Rethinking the street children phenomena
by Rasak Musbau
August 24, 2015 | 12:16 am| | | Start Conversation
Throughout the world there are children whose habitation is on the streets and since theydomicile in the streets they are generally referred to as street children.
Childrenare supposed to enjoy love, care and overall protection from parents, but thisis not the case with the street children. These children are denied their basicrights and are exposed to physical, sexual and all sorts of harm and abuses andalso live in inhumane and deleterious conditions. United Nations Children Education Fund(UNICEF) distinguishes between two different groups of street children based ontheir family situations but have a common characteristic in that they spendtheir lives in the street. The first category is of children “on” the street.These are children who work and maintain regular relationships with theirfamilies.
The second category is of children “of” the street and they considerthe street their home. The streets are where they eat, sleep, play and makefriends. Children in both of the categories have much in common; they haveunstable emotional relationships with the adult world, a negative self image,social stigma, violence, exploitation and uncertain futures. The streetchildren have historically been labeled and considered as: delinquents, vagrants,juveniles exposed to delinquency, street urchins, Almajiris. Some of thesechildren are neglected and abandoned to fend for themselves and learn tosurvive. Some missed their way and couldn’t find their way back home; some weredriven from home because of maltreatment from mothers, step mothers, father,and step father, as a result of death of either of their parent or as a resultof broken homes. Some left home due to harsh situations at home or due tomisunderstanding with parents or peer influence.
The main activities of thesevulnerable children are selling goods along the street, hawking in the market,motor parks, under the bridges and some even loiter the streets or motorparks, doing odd jobs, fighting, playing, stealing and pockets picking. It hasalso been established that juvenile delinquency and violence is a mirrorreflection of what happens in the life of street children from theirmistreatment at home and how they are abused by their peers in the streets.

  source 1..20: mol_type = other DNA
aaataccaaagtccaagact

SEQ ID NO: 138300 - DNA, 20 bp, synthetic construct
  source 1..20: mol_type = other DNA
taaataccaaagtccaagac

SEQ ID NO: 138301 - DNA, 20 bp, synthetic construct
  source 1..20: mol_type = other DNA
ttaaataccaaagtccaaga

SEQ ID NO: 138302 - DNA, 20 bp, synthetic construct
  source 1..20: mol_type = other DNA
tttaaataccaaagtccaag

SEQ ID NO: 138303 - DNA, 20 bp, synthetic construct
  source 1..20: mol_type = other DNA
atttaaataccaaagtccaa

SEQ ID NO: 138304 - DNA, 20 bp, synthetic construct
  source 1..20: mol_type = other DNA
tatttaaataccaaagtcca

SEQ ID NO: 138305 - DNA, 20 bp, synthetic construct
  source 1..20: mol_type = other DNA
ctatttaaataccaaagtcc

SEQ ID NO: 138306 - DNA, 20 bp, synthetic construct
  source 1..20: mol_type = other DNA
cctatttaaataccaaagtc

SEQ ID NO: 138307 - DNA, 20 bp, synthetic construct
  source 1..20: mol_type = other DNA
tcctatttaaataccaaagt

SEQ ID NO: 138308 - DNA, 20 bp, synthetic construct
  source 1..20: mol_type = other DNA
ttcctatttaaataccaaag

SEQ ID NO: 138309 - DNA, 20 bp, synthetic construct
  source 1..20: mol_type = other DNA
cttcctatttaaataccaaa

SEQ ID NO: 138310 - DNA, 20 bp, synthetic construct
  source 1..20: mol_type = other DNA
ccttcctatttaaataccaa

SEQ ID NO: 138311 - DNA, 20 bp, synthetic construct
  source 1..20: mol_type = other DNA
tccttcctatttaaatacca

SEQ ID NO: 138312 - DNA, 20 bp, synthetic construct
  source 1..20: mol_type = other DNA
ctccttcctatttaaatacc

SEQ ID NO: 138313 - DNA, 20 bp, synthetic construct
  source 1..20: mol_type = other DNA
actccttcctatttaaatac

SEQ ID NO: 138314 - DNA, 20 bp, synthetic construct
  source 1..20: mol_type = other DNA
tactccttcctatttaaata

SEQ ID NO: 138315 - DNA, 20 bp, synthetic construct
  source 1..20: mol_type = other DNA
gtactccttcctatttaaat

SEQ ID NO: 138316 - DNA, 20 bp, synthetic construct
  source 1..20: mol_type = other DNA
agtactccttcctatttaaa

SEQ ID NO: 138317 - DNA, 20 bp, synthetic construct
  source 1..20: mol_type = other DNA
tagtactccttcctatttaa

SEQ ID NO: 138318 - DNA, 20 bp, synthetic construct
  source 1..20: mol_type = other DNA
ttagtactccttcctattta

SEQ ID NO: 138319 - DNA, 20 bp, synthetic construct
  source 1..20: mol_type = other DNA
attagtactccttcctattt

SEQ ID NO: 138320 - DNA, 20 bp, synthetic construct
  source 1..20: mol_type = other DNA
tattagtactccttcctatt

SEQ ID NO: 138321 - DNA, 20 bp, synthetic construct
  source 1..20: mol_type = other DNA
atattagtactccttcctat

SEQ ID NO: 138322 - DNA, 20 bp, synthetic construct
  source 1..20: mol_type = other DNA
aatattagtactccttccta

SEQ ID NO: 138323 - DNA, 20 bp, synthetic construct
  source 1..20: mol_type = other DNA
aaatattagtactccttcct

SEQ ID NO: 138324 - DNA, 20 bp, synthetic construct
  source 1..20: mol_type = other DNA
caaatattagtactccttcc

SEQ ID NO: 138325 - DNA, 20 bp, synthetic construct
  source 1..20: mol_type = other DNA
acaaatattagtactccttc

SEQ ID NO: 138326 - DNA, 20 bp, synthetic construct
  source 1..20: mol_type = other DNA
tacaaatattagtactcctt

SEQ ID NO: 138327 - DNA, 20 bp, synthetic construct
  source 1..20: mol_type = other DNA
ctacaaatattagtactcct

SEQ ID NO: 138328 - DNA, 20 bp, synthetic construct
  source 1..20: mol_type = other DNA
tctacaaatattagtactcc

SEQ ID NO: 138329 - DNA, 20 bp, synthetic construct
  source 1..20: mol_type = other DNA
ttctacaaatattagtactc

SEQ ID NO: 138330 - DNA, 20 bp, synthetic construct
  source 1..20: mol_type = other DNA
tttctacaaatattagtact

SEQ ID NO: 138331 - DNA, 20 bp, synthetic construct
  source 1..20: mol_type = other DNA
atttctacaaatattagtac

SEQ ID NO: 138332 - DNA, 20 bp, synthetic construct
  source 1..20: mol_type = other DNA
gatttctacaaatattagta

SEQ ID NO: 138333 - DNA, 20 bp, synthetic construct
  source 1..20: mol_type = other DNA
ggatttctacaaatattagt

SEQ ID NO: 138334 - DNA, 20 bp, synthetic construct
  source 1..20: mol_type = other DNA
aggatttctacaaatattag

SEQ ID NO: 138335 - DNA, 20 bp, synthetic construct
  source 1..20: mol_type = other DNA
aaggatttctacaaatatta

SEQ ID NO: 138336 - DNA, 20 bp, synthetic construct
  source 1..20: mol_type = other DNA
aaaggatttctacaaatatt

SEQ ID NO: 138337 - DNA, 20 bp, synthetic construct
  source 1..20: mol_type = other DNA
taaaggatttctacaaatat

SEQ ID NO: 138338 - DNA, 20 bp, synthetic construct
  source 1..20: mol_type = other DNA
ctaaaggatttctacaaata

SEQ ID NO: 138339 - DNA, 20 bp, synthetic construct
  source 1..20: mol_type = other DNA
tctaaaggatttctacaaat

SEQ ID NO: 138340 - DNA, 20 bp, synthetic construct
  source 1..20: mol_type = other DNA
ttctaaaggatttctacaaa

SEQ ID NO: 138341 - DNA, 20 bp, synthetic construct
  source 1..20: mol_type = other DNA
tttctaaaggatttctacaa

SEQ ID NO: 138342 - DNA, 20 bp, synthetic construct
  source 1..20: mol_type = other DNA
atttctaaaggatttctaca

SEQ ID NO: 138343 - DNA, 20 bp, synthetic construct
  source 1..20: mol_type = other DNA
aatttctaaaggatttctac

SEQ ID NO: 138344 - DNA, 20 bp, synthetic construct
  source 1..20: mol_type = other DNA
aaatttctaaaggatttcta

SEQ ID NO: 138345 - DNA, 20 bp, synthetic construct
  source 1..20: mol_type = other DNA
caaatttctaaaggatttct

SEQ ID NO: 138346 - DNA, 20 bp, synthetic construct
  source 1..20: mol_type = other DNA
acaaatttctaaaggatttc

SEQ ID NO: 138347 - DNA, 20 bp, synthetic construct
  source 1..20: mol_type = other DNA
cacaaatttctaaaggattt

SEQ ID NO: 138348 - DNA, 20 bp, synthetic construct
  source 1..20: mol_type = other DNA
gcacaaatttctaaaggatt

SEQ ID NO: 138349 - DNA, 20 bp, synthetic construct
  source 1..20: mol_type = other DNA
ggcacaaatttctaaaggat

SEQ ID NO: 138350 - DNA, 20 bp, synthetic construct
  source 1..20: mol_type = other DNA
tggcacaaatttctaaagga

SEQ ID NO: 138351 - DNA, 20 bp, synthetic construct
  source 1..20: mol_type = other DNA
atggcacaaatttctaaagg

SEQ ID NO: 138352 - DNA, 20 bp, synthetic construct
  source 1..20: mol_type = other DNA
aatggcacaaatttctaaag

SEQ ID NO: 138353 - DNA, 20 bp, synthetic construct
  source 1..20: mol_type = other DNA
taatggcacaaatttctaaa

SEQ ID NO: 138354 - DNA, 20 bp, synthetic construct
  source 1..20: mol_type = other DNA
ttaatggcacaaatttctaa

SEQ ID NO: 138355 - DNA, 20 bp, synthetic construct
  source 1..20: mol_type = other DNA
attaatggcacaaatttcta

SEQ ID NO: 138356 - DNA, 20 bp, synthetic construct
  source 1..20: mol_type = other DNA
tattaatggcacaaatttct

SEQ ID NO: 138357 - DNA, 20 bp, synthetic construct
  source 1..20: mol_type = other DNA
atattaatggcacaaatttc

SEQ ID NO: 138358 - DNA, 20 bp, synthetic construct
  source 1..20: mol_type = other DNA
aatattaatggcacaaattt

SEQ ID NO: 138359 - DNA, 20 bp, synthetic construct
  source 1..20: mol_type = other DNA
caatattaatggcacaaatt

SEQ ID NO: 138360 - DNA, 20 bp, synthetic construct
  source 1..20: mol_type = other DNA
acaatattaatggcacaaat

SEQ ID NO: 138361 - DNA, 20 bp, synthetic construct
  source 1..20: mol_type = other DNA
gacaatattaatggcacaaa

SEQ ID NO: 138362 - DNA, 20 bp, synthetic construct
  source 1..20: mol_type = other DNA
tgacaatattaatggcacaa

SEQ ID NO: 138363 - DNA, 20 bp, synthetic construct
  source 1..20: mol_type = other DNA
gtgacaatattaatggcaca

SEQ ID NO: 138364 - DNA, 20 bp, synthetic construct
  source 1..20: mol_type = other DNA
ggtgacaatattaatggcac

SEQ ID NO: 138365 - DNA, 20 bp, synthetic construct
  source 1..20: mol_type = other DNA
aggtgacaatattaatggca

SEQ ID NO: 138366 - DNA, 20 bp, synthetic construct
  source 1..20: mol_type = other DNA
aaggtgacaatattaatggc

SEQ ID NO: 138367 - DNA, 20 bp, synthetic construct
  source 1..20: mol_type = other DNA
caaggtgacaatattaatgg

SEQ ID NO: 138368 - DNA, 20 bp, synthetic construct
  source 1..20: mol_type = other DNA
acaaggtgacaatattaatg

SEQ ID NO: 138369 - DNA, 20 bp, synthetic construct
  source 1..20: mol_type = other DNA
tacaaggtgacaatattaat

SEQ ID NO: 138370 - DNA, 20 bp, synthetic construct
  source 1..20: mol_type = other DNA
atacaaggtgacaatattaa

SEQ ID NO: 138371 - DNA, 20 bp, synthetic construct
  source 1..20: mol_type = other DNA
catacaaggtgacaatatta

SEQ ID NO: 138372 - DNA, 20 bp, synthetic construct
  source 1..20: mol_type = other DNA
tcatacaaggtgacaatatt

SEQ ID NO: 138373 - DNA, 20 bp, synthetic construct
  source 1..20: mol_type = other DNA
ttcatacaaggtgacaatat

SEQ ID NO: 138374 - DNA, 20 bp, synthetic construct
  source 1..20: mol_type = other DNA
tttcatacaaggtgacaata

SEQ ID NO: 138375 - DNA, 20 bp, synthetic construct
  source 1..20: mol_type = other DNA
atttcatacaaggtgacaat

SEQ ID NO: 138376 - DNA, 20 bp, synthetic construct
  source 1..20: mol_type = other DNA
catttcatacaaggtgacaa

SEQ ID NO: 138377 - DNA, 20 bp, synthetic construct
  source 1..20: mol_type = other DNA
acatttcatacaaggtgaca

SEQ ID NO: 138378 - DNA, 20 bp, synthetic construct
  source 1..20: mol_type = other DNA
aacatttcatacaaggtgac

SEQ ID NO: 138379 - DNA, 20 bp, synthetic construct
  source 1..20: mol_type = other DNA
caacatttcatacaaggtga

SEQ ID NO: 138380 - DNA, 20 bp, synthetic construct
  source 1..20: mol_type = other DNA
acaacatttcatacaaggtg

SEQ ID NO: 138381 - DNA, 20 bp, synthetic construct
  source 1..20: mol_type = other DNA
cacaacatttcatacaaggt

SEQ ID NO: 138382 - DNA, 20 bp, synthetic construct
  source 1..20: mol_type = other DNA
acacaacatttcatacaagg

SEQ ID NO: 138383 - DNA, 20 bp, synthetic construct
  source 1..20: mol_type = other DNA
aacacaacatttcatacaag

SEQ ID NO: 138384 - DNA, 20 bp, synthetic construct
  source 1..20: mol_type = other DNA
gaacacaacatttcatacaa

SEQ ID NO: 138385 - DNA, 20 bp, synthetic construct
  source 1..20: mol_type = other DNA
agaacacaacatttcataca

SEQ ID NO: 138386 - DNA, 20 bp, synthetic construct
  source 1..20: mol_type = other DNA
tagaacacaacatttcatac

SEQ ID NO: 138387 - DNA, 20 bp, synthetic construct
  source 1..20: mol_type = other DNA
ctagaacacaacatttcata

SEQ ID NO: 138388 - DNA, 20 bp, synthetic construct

In Nigeria, the prevalence of street childrenin urban centres has been a growing concern as rehabilitation efforts bygovernment agencies and Non Governmental Organizations (NGOs) evidently has notachieved much. In the light of this reality and general insecurity in thecountry, it has become necessary to tackle this problem from the family angle toprevent children from coming out or running away to the street in the firstplace.
One would be happy to see the recent national security summit held inthe country yield a positive result. But the reality is that withoutinstitutional framework and commitment to eliminate those factors thatpredispose children onto the streets, government efforts might amount tothrowing money into the ocean to appease gods for fortune one has not workedfor. It is important while striving to freeour nation from the menace of street children to understand where we are comingfrom and what we are currently doing so as to be viably armed with possiblesolutions of overcoming the street children phenomenon. Unlike in the past,parental role in child upbringing has nose-dived. Common mistake in many homestoday is that of dysfunctional relationships between parents and children.
Ourvalue system has been traded away. Parents expect schools to do it all alonefor them. The strong point here is that most of the problems we expectgovernments and others to solve for us will never be solved if at the homefront we refuse to buckle-up. On thegovernment side, employment opportunities as pledged in government manifestosshould be created so as to overcome poverty. At all tiers of government it mustbe seen to be committed to enforcement of child rights act and provision ofsocial welfare that guaranteed the protection and safety of every child,particularly the rights of the vulnerable, such as street children in questionas well as trafficked children, children with disabilities. A lot of NGOs are already working inthe area of returning the street children back home.
We need more of thiseffort rather than labeling and tagging of the children. We should know thatsome of these are innocent and vulnerable children who need love, affection andcare. These children are supposed to be reached and given special attention.
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